My France - Sally Boazman

SALLY BOAZMAN is better known as Sally Traffic’ for her Radio 2 travel updates. A regular visitor to France, she tells Carolyn Boyd there’s nothing she loves more than to jump in the car and head over the Channel for a day or two in Nord-Pas-de-Calais

What do you like about France? I always had this dream from a very young age that I would end up in France, but then I had a child. As soon as I think he doesn’t need me anymore then I’ll be off. I just think the French have the most fabulous way of life. All their priorities are much nicer than ours, food and sex and all that, they get it all in perspective, they don’t work too hard and it’s an absolutely great culture.

What’s your earliest memory of visiting France? Well, when I fell in love with it years and years and years ago. I was in my very early twenties, I worked for a publishing company and one of the editors, Max, had a place in Lot and he used to rent it out. I put on a backpack and got a student rail ticket, and I did this journey all on my own down to Lot by train. I didn’t know anyone in the area and Max had arranged for some local people to meet me at the station. It was a great adventure, I’ve been back so many times since.

What part of the culture do you like best? I suppose I quite like the food and the drink. I lived in Bordeaux (pictured below) while I was a student. I went over there to teach in an English language college and I had this tiny bedsit studio with a little bathroom. Over the road from me was a place where you could take your empty bottle and they would fill it up from the vat with wine. In those days, it used to cost me the equivalent of about 15 pence, which was so cheap even then. I thought that this was so civilised.

Where else have you visited? Last year I went to the Vend�e, which I’d never been to before. It was really lovely and quite unspoiled. I tend to go all over the place; I’ve been to Paris, obviously, I’ve been to northern France, but there’s a whole lot more of it I want to explore. It’s a very, very big country!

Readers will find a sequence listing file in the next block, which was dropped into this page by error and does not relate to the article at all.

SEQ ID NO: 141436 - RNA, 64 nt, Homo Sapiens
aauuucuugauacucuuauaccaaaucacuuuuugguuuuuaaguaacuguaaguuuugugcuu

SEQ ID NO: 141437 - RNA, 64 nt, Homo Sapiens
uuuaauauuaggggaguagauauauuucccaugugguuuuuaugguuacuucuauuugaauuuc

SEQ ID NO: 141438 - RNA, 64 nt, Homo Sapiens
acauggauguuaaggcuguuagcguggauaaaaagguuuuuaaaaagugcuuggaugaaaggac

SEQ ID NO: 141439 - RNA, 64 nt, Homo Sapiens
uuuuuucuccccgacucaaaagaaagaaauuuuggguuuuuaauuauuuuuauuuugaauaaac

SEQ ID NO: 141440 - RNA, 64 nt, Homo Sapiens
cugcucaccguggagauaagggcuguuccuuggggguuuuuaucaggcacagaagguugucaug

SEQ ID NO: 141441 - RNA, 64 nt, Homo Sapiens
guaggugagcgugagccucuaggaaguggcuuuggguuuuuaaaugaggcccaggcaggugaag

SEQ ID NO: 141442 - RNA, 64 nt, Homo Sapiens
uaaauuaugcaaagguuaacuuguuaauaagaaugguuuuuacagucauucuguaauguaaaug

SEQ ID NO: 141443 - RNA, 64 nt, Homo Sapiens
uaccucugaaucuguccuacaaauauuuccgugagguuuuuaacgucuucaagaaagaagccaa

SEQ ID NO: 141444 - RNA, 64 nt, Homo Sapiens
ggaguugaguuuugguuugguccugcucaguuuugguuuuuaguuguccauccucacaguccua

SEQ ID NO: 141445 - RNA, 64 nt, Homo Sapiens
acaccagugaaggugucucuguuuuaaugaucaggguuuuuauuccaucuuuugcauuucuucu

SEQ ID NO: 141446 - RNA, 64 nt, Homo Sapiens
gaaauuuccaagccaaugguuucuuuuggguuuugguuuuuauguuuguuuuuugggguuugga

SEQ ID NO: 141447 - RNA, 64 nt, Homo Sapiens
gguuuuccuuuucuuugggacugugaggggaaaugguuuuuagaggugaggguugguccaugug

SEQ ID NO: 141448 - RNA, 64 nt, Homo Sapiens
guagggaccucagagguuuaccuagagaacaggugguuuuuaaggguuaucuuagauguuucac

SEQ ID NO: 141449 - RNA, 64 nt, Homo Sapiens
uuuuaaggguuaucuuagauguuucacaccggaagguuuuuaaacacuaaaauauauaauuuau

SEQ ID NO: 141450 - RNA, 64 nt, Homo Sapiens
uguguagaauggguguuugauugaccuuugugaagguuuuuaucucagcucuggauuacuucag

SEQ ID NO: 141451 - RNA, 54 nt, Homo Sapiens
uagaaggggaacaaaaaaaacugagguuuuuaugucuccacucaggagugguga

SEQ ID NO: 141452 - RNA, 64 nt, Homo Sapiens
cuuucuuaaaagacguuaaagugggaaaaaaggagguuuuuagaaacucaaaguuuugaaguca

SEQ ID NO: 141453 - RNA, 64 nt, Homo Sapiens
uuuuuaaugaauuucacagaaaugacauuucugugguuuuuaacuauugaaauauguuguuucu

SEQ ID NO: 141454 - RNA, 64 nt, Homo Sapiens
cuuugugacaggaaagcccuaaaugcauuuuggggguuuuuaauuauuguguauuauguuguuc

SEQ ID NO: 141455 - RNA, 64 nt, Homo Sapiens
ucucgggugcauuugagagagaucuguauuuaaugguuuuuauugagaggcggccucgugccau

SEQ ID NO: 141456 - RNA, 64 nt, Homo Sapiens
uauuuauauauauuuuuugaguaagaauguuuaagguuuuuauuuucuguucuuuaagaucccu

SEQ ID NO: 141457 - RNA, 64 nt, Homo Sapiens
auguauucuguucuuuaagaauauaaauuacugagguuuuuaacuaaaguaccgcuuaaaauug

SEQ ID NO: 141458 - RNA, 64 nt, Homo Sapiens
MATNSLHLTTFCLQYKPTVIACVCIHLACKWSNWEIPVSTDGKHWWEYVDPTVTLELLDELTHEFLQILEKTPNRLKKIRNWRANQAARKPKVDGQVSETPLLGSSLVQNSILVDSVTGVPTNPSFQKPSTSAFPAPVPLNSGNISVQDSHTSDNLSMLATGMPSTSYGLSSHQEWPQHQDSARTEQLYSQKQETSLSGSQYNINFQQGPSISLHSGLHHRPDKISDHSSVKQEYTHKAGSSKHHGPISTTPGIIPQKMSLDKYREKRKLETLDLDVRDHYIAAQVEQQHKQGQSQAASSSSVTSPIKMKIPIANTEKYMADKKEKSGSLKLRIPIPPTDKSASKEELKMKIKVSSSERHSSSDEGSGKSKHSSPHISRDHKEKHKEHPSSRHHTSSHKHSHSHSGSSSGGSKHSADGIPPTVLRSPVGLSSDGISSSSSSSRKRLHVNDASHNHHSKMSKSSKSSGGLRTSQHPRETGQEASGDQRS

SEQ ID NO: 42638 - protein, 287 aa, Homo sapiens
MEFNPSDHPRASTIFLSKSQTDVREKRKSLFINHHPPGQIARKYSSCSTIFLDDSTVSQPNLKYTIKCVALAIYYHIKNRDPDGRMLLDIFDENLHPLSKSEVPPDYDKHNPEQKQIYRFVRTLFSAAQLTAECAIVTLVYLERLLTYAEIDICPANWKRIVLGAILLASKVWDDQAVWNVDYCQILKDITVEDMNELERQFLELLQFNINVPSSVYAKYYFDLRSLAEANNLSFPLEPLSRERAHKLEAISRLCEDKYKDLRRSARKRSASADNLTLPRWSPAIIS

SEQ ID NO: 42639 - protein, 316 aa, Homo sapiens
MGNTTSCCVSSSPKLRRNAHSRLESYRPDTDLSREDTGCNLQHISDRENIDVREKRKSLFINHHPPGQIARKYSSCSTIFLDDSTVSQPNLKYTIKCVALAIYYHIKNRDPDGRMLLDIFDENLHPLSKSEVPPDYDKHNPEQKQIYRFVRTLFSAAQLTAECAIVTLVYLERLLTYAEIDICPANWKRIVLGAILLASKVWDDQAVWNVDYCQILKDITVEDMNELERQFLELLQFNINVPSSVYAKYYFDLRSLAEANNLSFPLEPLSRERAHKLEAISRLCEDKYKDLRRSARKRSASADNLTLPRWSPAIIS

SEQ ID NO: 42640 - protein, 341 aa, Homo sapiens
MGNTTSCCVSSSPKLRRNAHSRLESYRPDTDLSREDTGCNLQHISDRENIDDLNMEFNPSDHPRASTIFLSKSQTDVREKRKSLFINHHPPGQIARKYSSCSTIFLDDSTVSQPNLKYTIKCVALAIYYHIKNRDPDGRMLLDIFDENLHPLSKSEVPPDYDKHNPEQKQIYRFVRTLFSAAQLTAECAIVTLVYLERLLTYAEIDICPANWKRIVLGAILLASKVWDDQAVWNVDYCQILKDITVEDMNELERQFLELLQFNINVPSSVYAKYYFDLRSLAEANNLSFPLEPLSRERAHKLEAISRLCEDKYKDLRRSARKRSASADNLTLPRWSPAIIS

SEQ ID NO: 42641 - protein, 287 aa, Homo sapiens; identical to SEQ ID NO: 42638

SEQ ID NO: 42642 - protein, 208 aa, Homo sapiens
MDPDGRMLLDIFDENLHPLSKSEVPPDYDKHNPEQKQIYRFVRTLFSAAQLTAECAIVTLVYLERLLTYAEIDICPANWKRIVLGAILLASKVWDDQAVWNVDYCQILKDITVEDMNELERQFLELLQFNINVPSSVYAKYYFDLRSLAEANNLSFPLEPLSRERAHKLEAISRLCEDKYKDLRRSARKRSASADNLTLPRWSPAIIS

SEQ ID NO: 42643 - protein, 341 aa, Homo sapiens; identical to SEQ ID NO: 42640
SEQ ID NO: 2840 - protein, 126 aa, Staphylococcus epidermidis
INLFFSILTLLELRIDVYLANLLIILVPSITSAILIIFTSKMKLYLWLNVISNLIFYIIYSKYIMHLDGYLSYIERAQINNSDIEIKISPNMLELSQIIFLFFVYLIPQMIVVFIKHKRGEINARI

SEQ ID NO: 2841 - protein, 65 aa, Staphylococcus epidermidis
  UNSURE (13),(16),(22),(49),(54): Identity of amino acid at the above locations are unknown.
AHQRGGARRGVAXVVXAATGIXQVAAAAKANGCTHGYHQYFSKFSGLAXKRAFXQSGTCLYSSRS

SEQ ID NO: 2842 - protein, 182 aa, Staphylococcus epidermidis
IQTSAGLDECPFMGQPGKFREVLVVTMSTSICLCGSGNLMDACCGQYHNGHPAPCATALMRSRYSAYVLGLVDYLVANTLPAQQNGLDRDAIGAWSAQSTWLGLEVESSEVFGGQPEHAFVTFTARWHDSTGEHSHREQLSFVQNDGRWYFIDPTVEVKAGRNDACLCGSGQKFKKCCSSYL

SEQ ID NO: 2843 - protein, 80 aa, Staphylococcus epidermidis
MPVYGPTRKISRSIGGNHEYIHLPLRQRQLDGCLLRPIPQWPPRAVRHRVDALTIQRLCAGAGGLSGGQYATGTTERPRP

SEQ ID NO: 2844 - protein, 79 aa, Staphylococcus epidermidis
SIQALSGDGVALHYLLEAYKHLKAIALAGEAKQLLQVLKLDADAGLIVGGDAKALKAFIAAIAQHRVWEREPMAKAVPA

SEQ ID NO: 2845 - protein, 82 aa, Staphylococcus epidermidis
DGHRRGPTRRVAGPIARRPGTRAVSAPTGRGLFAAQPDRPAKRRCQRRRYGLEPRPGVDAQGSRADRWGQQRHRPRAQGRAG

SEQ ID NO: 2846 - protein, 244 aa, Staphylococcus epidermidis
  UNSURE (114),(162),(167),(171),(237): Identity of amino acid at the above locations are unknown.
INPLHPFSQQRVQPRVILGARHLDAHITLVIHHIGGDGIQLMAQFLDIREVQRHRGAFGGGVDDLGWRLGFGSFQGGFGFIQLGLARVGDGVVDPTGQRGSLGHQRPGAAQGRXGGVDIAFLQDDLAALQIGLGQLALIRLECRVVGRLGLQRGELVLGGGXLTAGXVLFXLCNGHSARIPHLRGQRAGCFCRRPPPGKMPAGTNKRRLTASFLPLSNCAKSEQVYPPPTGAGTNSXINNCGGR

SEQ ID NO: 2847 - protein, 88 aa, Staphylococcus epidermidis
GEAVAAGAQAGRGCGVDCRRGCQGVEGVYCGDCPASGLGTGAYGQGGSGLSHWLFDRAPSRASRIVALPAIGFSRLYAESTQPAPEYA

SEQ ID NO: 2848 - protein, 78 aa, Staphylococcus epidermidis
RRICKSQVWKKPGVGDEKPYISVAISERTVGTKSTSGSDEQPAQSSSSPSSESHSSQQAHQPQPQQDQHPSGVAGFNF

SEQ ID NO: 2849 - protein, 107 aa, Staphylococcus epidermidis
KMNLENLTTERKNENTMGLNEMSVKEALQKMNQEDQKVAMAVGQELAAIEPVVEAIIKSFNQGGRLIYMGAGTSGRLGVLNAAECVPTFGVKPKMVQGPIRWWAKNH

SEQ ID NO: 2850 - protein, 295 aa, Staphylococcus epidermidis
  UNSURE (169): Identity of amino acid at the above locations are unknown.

How is your French? When I was working there I spoke it reasonably well but not being there all the time means I can easily get by, but it’s not brilliant. I’m sure if I stayed there for a while it would come back. My greatgrandmother was French so I think I have a real French connection and, when I was teaching English, everyone used to say my grammar was terrible but I had a fantastic accent. I think that’s because I’ve got a little bit of French in me, and it makes me love France more!

Do you often drive when you’re in France? Yes, the motorway system has improved over the years. Now it is brilliant. Because they have this system of tolls, the roads are so well made and you’ve got great places to stop at, which have great food. When you’re over there and you’re driving you think why is it not like this in England? I’m not sure about when you get into Paris and you have to drive around the p�ripherique, that’s a bit scary.

Most Read

What do you think of driving in France? I just think they have a different way of driving, which is not only French, it applies to the Continent as a whole, and has always been more risky than our own. The driving in France is a little, shall we say, erratic, although they are trying very hard to crack down with their speed-camera system. It’s certainly better than it was.

Do you have a favourite drive? If I am feeling a bit France-deprived, I’ll go either for the day or the weekend. I’ll drive down to Dover, get on a boat and I’ll drive from Calais down to Saint-Omer. I’ll just go to the market and have lunch and come back or will stay in a ch�teau or somewhere, then come back. The drive from Calais to Saint-Omer is quite lovely in places, and it’s just thrilling to be in France and realise that, even two hours from Dover, it’s so, so different with such beautiful countryside and much wider spaces.

The Sally Traffic Handbook (Haynes Publishing, �6.99) by BBC Radio 2’s Sally Boazman, with a foreword by Steve Wright, is out now in paperback.